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The National Intelligence Council’s Global Trends Report explains the scenarios in which the next 18 years may play out internationally.
The National Intelligence Council’s Global Trends Report explains the scenarios in which the next 18 years may play out internationally. Some of the predictions addressed matters of global health and health technologies playing a role in the future of medicine.
The transition from the prevalence of more non-communicable diseases is imminent in areas where communicable disease is currently more frequent due to increased availability of healthcare and modernization in the developing world. Additionally, such nations in transition will experience a significant decline in infant and child mortality rates; however life expectancy between rich and poor countries is still expected to be vastly different.
While much of the world’s population is expected to age, some nations and areas with plummeting birth rates will likely see older populations sooner, such as Japan and much of continental Europe. It’s likely that older populations will struggle with the competition of younger nations who can put younger people to work.
Pandemics remain an area of concern, as it has been observed that more and more diseases previously thought to be cured have developed antibiotic-resistant strains. These diseases could see significant resurgence without the development of effective medicines against their newer, more resilient versions. It is also a well-known fact that many pathogens, such as HIV/AIDS, have spread first from animals to humans. As contact between humans and animals in isolated parts of the world is expected to increase, so too is the likelihood that more animal-borne pathogens will manifest.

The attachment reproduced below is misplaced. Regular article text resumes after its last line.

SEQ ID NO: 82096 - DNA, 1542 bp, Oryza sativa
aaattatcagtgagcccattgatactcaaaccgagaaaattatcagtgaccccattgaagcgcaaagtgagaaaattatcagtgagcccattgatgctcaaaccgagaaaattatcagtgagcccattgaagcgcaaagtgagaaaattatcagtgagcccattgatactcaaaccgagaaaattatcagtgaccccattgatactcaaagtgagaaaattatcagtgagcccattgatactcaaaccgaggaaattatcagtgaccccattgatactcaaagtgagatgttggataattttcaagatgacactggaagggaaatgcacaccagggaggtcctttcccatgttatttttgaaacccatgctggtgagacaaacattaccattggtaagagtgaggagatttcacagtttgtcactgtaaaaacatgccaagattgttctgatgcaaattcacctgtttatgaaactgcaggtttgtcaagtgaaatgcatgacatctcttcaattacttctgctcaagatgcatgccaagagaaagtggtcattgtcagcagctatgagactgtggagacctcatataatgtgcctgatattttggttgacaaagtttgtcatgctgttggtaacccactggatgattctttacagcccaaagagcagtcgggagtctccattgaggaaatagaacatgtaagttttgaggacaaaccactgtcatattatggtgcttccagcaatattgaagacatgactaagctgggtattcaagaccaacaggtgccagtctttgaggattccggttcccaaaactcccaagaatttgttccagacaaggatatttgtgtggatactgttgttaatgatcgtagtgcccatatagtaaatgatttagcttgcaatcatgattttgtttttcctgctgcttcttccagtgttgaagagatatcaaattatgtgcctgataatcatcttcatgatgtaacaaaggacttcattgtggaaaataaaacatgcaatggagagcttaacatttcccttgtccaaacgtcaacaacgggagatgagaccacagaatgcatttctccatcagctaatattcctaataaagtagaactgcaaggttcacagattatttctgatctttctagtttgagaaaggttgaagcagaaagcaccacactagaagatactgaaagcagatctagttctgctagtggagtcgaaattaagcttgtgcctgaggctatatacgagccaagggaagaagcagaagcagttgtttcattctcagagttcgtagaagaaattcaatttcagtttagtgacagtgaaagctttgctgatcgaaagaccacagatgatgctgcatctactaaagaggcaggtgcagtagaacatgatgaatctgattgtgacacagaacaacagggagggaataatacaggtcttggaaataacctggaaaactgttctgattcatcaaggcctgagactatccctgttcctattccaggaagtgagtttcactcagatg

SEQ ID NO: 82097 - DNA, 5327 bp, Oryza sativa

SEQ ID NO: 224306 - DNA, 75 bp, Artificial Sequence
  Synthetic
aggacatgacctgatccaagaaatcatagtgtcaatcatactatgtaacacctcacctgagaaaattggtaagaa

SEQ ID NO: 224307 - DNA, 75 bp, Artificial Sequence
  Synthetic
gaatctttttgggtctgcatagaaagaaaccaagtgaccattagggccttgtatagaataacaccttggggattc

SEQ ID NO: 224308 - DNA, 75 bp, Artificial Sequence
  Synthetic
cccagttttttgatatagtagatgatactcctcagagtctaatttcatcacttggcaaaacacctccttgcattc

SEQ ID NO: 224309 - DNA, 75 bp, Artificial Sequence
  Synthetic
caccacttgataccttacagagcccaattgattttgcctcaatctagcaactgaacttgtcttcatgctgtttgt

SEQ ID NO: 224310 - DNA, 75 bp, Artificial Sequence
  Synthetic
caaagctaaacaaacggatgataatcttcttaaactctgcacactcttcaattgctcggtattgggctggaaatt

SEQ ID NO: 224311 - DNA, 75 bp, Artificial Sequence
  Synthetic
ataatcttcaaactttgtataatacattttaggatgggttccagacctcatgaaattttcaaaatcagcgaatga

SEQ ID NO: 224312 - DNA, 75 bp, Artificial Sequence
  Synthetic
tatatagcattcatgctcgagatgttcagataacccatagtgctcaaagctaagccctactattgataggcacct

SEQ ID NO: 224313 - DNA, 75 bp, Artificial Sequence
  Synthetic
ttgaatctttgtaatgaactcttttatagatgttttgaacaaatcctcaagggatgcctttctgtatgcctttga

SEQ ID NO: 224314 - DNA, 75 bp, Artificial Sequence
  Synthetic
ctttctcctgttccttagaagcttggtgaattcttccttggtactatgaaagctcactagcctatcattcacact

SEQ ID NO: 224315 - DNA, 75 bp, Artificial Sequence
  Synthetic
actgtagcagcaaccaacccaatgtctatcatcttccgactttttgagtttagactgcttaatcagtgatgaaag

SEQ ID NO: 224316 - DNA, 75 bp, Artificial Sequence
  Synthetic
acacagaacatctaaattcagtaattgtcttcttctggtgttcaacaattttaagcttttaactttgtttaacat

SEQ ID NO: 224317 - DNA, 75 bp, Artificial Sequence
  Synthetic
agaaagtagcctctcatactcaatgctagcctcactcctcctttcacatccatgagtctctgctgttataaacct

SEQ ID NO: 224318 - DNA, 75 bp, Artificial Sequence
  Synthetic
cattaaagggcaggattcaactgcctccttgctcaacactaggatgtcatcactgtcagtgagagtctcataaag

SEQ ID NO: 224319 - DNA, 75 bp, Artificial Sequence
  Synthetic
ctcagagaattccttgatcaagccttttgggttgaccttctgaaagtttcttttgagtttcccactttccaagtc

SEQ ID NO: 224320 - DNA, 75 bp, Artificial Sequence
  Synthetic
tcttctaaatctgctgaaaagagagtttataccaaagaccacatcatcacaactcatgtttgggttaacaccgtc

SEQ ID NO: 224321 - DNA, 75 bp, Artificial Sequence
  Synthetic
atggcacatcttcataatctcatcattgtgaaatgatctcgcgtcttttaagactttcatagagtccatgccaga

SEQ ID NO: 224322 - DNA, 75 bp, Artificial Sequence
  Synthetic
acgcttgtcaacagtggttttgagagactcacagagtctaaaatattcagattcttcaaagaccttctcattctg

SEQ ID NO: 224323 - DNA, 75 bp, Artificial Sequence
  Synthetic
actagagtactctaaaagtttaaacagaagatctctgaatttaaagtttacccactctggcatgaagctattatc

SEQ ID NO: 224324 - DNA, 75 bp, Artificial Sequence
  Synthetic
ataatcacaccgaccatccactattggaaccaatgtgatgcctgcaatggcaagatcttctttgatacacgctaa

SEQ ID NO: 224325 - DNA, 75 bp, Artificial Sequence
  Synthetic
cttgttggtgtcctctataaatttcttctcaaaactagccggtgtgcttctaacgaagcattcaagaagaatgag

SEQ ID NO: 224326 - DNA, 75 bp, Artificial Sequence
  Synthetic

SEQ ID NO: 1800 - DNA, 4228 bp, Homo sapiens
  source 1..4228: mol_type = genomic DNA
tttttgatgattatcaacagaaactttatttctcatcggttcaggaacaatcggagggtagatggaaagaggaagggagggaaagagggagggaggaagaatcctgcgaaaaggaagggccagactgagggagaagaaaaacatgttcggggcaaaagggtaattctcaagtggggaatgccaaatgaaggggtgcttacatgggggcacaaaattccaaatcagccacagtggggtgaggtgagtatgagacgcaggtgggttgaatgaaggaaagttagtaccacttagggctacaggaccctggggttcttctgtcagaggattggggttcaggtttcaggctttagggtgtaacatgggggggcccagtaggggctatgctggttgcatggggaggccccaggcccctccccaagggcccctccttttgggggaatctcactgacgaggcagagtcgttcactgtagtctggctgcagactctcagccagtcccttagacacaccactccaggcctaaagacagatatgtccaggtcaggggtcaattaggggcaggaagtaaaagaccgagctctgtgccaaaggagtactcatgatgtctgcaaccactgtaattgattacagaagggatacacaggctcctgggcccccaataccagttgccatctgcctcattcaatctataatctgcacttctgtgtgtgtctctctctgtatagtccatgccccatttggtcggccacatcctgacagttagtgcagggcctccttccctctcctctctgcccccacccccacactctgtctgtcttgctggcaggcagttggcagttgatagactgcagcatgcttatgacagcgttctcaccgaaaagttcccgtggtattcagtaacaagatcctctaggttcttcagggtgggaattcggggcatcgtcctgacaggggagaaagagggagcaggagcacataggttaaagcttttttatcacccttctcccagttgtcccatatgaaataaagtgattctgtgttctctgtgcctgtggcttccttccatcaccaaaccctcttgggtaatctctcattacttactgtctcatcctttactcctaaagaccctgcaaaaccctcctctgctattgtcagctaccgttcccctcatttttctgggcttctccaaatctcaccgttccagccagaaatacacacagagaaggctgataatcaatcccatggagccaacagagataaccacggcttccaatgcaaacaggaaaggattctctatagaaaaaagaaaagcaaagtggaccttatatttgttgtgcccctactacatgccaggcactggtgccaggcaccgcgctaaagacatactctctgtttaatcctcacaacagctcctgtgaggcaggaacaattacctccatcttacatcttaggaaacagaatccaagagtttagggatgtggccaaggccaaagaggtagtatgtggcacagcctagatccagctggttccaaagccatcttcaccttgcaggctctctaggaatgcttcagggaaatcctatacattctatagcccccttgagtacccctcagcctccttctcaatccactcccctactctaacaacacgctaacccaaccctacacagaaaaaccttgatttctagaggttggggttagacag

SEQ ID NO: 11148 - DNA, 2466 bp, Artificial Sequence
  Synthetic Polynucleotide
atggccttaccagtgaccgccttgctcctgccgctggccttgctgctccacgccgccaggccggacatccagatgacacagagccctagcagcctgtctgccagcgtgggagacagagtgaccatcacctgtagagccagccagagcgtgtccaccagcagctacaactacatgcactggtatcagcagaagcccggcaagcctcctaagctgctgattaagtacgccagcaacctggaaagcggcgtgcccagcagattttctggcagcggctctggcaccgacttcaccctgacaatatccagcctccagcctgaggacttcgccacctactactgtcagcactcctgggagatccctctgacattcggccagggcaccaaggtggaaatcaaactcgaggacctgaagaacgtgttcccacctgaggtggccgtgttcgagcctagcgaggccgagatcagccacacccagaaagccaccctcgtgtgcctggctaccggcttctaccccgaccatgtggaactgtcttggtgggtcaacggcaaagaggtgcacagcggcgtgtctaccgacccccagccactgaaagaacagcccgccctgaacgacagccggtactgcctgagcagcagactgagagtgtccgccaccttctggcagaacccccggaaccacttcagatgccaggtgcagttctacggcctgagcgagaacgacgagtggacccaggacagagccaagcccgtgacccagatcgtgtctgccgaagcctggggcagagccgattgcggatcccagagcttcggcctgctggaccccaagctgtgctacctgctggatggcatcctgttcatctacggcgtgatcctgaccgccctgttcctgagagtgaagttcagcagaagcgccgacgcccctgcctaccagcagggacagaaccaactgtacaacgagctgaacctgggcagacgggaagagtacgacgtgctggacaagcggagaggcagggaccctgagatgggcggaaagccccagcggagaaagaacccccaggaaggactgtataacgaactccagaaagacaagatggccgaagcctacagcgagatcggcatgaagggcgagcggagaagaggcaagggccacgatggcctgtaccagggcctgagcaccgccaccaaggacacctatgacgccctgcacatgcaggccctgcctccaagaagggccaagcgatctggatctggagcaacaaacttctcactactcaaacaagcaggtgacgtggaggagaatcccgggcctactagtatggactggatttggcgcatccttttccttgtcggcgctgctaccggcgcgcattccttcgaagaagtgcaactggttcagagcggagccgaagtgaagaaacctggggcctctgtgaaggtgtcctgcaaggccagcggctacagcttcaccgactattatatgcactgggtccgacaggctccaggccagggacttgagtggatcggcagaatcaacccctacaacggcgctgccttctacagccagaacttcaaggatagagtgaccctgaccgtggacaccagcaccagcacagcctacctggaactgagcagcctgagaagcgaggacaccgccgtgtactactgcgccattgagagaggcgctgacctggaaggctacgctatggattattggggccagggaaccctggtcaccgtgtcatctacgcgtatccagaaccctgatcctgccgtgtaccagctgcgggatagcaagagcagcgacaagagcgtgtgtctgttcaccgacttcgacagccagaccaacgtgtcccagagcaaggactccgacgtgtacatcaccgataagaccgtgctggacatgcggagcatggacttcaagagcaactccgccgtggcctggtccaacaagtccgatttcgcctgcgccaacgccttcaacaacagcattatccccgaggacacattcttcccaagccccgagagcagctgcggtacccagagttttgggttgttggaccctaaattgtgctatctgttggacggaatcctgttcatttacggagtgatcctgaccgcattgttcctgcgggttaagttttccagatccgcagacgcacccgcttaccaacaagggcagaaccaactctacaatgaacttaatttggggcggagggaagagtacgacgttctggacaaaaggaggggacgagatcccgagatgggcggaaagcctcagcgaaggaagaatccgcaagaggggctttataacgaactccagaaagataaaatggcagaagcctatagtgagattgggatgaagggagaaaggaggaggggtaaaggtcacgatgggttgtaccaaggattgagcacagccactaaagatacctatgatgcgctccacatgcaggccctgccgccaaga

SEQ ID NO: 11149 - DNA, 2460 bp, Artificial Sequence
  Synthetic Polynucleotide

The threat of an easily transmissible novel respiratory pathogen that kills or incapacitates more than one percent of its victims is seen as the most disruptive pandemic scenario. This is due to the notion that such an outbreak would cause death to people in all four corners of the world and most likely within six months. This also brings to light that in 2030, genetic engineers are likely to be able to create their own new viruses, which would only compound the threat of naturally occurring pathogens.
The predictions, however, do not all paint a bleak picture. Rapid advances in molecular diagnostics and disease management technologies will lead to earlier detection and faster treatments, ultimately unlocking a new era of longevity. Genetic sequencing will become cheaper and more widespread as companies move away from expensive biological reagents to silicon-based molecular diagnostics procedures.
There will be an increased understanding of the genetic bases for diseases. Genomics will further revolutionize and call for formidable computing infrastructure to house large stores of genetic data. Ultimately, genetic testing will lead to more personalized forms of treatment that reduce wasteful health care spending, such as doctors prescribing ineffective medicines.
Synthetic biology will become increasingly relevant in the production of novel treatments and diagnostics agents. Regenerative medicine may also parallel this shift in diagnostic and treatment protocols, with the possibility of replacement organs being developed by 2030. Lastly, the idea of human augmentation has surpassed that of using prosthetics to effectively replace lost limbs and assist the elderly and mobility-disabled populations, and now includes the use of exoskeleton structures to enhance human performance in working and navigating environments that were previously inaccessible.
Despite these distant-sounding predictions, the world today moves at a rapid pace and the possibility of such manifestations are clearly tethered to what ideas are dreamed up in the present. The world will no doubt be older, wiser, and more technologically armed in facing whatever health challenges lay on the horizon.